In 1958, a neighbour introduced her to Nichiren Buddhism and she decided to take up faith. As she continued her practice, she began regaining her health and her husband’s career became more stabilised. At the same time, through participating in SGI activities, she could feel that something deep in her life began to change and she found that she could now live with pride as a human being, as a Korean residing in Japan.

In 1987, she was approached to share her experience as a Korean A-bomb victim in Japan with students who are visiting Hiroshima on school trips from all over the country. She courageously took up the challenge in the hope of contributing her part for the betterment of the society. Since then, for the past 20 years, she has been relating her experience and the message of peace to visiting students in Hiroshima. In 1996, Mdm Kwok was conferred the Prime Minister’s Award from Korea in recognition of her tremendous contribution.

Mdm Kowk never fails to tell the students on each occasion, “The prime point of peace is found in the act of spreading kindness to the people around you. In order to create a world that is filled with kindness, you must first cultivate yourself – both spiritually and physically.”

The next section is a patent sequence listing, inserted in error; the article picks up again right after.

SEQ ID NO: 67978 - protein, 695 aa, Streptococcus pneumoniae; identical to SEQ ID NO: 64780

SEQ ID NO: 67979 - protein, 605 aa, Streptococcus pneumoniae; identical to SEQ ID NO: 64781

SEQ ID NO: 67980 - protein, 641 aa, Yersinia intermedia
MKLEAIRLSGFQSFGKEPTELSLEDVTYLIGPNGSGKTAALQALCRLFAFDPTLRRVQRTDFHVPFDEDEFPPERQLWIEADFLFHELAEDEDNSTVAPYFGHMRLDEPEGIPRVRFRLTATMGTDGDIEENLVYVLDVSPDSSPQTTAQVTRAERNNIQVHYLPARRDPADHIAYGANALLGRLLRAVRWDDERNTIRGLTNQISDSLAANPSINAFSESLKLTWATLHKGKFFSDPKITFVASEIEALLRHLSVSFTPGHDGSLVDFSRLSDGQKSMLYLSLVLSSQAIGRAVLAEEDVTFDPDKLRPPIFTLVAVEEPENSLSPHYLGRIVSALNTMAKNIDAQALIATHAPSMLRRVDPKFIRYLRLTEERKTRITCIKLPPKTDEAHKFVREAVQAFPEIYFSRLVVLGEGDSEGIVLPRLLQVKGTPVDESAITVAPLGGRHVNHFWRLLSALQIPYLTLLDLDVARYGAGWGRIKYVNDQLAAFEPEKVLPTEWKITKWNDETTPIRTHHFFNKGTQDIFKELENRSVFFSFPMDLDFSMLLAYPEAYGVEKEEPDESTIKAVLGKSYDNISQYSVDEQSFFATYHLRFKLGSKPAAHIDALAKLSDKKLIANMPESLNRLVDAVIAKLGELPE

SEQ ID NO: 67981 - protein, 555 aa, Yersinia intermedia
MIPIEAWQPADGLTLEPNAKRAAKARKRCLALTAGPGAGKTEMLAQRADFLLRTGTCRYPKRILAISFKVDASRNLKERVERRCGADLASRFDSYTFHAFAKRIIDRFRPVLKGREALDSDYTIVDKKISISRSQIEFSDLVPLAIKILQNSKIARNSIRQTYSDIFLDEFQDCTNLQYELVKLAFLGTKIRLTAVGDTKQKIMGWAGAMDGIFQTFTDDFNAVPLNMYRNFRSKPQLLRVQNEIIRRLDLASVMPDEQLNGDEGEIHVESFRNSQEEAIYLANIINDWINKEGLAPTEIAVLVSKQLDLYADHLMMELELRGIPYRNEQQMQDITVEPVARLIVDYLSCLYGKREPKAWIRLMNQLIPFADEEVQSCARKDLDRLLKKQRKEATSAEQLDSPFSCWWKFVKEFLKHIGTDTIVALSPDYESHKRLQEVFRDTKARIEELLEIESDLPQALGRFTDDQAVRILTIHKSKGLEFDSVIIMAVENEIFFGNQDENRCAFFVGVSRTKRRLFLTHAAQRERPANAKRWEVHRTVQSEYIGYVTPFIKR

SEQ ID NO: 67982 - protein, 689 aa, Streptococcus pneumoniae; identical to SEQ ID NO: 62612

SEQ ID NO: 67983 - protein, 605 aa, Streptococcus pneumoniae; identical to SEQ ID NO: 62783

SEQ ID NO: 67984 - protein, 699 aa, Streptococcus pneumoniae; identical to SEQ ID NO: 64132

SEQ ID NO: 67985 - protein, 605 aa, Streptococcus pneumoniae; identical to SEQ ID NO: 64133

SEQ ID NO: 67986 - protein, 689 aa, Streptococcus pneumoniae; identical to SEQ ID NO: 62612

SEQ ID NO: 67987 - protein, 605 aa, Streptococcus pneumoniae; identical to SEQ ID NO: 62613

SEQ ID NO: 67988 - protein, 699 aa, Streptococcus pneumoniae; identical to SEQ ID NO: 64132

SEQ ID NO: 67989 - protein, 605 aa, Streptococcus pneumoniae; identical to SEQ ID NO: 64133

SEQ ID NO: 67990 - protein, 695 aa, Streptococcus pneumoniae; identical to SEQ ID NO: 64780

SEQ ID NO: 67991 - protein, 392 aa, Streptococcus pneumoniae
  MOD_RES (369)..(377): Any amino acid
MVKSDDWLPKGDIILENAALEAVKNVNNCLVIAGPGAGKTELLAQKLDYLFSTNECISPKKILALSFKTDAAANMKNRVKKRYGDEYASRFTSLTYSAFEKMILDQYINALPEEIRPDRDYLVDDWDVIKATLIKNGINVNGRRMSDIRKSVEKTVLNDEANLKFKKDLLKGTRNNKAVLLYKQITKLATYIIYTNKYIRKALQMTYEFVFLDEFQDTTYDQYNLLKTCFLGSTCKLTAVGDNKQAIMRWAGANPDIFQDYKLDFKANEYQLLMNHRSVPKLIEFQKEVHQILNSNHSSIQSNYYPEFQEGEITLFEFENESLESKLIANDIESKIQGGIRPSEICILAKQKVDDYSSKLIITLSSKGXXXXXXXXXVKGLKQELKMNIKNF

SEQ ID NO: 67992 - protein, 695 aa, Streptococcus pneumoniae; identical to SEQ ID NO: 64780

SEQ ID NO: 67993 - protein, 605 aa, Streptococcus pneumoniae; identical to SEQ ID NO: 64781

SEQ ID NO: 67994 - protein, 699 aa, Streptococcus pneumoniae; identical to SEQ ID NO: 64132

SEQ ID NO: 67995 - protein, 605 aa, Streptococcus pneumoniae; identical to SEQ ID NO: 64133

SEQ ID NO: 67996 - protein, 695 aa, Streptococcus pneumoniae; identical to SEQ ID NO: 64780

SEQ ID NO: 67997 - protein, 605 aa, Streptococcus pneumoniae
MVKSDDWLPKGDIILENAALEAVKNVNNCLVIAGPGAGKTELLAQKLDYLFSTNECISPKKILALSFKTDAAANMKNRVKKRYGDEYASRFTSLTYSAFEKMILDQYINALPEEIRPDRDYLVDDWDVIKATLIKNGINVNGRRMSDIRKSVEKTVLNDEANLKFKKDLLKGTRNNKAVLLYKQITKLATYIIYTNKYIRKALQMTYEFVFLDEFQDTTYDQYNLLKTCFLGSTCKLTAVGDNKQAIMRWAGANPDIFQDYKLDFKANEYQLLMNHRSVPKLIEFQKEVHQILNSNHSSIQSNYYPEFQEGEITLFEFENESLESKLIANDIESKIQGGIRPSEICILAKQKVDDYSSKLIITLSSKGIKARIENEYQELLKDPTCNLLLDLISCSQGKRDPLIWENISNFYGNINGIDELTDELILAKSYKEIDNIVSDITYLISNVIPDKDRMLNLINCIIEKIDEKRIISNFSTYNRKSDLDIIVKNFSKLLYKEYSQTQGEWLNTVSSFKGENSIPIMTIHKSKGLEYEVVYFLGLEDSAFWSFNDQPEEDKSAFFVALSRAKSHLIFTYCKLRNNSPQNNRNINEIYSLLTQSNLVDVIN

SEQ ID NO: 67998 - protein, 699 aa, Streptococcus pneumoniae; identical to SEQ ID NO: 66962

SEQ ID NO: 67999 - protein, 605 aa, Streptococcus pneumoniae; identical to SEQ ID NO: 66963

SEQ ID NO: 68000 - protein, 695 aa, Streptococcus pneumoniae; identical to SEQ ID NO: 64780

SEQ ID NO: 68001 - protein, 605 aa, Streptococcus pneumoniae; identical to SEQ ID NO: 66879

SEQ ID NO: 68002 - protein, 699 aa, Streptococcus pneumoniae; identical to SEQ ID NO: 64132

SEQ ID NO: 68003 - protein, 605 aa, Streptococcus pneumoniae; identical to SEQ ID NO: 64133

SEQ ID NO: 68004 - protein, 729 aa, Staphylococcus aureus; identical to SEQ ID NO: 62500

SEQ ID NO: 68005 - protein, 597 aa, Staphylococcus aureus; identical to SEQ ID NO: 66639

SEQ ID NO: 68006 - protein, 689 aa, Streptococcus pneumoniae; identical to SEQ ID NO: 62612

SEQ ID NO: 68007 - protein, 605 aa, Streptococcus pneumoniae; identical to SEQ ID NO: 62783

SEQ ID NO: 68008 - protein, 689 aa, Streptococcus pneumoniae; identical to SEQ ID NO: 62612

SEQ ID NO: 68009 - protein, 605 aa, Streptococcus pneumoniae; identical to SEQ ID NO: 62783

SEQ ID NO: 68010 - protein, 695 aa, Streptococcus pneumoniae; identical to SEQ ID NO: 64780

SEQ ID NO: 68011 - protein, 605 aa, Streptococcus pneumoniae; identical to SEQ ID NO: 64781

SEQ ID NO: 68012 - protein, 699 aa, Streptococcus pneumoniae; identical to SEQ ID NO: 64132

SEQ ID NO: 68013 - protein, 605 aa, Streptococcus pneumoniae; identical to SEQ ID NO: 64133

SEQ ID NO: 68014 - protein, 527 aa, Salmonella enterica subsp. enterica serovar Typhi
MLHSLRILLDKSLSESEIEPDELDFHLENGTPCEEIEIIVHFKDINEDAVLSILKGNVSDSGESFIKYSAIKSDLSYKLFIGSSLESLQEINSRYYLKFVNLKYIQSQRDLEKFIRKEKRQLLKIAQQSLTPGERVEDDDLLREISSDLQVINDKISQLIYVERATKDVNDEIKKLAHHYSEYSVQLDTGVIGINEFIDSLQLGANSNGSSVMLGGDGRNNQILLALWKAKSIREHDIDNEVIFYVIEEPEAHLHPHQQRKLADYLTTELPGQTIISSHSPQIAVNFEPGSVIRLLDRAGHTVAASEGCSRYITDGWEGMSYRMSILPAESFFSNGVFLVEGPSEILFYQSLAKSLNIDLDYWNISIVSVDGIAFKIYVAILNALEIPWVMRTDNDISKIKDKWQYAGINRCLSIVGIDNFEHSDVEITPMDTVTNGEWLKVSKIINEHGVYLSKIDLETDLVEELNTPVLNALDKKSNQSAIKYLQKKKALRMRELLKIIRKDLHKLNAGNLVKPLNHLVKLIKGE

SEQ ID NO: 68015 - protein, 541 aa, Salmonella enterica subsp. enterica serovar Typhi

Mdm Kwok was once a woman who could only weep over her misfortunes and karma. But through her encounter with Buddhism, she is now a woman who not only prays but also acts for the sake of peace. She has found her unique path of mission. All of us, as individuals, may seem insignificant. However, when we are awakened to our mission through faith in the Mystic Law, we can even “move the entire world”. I believe this is what Mdm Kwok has taught us through her life experience.

Let us become individuals who not only pray but take courageous action for “order and tranquility throughout the four quarters of the land”.

Translated and adapted from an article written by Kimiko Tsuji, Women Division Study Chief for Chugoku Prefecture, published on August 2005 issue of The Daibyakurenge, the Soka Gakkai’s monthly study journal.